ZURICH – After having endured the collapse of its housing market less than a decade ago, Ireland has lately been experiencing a blistering recovery in prices, which already have risen in Dublin by some 50% from the trough in 2010. Is Ireland setting itself up for another devastating crash?
It’s no secret that the collapse of asset bubbles carries massive financial and social costs. With construction activity and investment spending grinding to a halt, sharp recessions – which cause tax revenues to fall, even as surging unemployment demands increased social spending – are unavoidable. Taxpayers may even be asked to shore up financial institutions’ capital base. The last time that happened in Ireland, it cost more than €60 billion ($67 billion), or about 40% of GDP.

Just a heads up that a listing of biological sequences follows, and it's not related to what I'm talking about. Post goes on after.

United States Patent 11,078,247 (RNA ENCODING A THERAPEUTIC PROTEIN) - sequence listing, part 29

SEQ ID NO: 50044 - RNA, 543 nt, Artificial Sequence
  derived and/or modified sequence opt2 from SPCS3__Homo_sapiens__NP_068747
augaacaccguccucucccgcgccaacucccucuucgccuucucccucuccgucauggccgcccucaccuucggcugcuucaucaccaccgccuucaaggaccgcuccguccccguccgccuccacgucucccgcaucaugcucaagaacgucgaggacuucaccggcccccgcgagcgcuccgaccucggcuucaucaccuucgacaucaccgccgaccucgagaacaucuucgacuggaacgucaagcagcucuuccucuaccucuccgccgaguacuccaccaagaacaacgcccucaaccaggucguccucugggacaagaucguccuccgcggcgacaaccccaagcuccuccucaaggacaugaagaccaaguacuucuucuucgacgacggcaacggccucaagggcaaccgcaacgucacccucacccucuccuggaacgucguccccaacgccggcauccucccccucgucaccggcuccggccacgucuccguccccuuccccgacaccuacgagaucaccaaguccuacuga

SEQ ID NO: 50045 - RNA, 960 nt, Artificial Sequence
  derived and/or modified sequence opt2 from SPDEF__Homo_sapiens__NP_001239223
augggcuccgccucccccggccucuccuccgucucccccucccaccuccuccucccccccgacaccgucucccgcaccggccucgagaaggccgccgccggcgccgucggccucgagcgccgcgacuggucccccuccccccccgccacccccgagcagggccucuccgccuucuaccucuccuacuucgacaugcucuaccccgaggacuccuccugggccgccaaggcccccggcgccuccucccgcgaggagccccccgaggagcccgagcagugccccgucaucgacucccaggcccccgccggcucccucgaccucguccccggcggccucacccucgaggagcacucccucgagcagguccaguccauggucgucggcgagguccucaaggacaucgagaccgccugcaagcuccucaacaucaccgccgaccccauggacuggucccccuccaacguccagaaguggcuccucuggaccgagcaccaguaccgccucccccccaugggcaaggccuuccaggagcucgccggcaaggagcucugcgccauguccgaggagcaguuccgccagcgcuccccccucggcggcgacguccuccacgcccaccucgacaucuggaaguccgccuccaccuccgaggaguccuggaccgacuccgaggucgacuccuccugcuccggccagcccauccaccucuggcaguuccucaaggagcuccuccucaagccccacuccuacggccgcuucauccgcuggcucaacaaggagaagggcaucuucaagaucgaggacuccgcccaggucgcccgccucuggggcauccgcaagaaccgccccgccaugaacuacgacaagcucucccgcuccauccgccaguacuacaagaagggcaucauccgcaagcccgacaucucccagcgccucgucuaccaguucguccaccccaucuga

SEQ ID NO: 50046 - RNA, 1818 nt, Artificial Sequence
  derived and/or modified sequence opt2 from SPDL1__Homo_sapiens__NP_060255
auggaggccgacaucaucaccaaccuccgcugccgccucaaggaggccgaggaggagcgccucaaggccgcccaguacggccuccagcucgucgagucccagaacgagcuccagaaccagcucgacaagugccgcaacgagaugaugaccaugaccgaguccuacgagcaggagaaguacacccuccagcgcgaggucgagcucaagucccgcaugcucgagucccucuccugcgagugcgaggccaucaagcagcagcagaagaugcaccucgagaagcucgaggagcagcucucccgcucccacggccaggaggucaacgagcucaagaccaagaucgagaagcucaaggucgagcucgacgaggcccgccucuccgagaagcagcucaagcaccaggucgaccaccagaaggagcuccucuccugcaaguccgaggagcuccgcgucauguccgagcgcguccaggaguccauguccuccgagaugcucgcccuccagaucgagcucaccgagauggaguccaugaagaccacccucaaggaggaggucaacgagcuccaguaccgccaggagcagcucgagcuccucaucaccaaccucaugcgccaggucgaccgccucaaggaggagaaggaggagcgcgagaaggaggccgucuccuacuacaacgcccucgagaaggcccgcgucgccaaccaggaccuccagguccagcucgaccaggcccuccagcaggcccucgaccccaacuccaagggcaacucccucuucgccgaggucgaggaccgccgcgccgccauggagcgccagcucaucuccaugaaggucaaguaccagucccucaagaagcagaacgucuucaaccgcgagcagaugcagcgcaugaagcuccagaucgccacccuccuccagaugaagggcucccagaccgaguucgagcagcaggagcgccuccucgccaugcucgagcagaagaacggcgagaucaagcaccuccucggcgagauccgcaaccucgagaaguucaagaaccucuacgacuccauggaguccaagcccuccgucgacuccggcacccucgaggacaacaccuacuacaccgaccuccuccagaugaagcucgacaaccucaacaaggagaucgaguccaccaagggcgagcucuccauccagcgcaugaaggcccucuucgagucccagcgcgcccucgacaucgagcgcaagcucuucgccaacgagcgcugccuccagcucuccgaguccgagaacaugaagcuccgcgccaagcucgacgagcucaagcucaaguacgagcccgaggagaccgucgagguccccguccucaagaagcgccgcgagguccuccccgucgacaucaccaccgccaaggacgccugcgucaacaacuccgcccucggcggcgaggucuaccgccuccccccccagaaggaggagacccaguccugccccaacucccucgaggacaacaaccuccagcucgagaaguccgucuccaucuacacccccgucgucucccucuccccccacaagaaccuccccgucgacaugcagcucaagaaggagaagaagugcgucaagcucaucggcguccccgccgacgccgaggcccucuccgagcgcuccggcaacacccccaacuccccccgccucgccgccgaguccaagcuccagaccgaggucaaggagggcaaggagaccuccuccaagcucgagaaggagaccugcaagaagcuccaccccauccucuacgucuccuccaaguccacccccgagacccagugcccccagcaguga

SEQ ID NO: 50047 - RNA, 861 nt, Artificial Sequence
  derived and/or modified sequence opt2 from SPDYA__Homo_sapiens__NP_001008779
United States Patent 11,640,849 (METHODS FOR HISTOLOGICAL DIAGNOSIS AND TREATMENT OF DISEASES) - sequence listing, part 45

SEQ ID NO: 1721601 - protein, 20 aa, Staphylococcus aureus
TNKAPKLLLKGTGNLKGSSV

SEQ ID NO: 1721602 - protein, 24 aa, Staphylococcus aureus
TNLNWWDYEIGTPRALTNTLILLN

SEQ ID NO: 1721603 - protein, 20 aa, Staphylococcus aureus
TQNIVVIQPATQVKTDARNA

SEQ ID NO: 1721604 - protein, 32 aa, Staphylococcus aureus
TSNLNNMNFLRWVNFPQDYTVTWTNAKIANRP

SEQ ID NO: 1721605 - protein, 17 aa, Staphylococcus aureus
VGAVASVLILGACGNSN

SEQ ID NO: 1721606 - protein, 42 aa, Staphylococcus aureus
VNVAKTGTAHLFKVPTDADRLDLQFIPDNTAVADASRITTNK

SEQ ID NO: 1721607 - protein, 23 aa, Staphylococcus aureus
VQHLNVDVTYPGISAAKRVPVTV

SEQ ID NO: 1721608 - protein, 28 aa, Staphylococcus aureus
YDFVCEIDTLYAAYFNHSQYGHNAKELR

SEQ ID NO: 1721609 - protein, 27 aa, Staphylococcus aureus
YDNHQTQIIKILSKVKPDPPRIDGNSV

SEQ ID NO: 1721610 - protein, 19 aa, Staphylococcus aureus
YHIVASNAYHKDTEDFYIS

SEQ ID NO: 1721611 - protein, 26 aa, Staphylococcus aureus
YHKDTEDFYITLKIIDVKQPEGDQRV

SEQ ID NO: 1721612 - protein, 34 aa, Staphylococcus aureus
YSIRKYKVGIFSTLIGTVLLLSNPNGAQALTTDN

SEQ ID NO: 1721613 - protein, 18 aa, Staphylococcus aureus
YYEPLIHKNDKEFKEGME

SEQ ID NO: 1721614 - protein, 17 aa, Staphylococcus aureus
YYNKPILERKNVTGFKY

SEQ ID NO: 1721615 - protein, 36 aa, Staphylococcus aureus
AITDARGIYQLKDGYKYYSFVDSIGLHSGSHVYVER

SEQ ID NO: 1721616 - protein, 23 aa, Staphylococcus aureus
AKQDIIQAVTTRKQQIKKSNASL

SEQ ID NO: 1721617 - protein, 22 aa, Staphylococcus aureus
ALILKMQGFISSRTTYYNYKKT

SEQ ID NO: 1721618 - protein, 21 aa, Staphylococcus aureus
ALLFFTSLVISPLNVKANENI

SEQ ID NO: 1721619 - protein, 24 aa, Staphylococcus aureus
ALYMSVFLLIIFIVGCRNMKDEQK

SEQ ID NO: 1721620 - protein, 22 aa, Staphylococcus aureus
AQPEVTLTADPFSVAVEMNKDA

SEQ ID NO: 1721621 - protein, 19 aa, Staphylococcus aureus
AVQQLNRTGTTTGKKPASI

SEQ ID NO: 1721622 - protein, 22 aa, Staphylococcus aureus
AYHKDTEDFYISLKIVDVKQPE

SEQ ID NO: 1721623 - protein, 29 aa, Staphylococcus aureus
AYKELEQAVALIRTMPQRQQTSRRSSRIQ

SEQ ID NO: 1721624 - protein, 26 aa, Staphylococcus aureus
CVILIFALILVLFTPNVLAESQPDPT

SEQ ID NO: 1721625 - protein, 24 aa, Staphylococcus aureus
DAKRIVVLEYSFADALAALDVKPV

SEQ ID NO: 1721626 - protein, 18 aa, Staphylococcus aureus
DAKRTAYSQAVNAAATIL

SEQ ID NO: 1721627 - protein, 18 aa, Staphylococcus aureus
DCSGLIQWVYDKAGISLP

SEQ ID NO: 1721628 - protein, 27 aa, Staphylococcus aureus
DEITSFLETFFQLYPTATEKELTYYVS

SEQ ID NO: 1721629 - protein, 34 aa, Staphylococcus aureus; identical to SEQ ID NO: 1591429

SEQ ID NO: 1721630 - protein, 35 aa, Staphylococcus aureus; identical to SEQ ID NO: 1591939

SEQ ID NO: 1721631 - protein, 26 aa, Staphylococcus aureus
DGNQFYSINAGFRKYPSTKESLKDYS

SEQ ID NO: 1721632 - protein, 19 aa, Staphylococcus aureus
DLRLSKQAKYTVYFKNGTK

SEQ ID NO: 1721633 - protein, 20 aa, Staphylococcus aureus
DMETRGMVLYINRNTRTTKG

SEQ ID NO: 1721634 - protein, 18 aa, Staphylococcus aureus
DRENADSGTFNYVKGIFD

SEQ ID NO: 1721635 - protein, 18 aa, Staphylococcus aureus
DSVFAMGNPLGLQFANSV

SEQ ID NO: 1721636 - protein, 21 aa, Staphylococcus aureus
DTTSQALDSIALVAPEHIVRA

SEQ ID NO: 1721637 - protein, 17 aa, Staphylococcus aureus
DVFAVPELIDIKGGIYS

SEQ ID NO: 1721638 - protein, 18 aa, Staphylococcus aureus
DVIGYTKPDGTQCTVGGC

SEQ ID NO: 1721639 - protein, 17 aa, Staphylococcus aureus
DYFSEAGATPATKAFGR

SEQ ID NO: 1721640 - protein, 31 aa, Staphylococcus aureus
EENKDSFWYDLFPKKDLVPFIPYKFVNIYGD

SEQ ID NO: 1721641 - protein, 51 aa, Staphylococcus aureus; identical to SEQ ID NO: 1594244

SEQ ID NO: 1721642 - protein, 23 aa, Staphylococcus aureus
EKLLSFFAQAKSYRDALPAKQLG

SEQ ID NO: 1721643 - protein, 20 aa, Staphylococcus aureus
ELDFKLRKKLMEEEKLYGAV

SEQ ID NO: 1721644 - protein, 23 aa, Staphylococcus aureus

Housing bubbles are not difficult to spot; on the contrary, they typically make headlines long before they pop. Yet they are far from rare. Bubbles in Ireland, Spain, the United Kingdom, and the United States collapsed after the financial crisis that erupted in 2008. After the Asian financial crisis erupted in 1997, property prices in Hong Kong, Indonesia, Malaysia, Philippines, South Korea, and Thailand sank by 20-60%. And a decade earlier, Sweden, Norway, and Finland experienced property-price declines of 30-50%.
The obvious question is why nobody stepped in before it was too late. The answer is simple: while the bubbles are inflating, many people benefit. With the construction sector thriving, unemployment falling, and banks lending freely, people are happy – and politicians like it that way.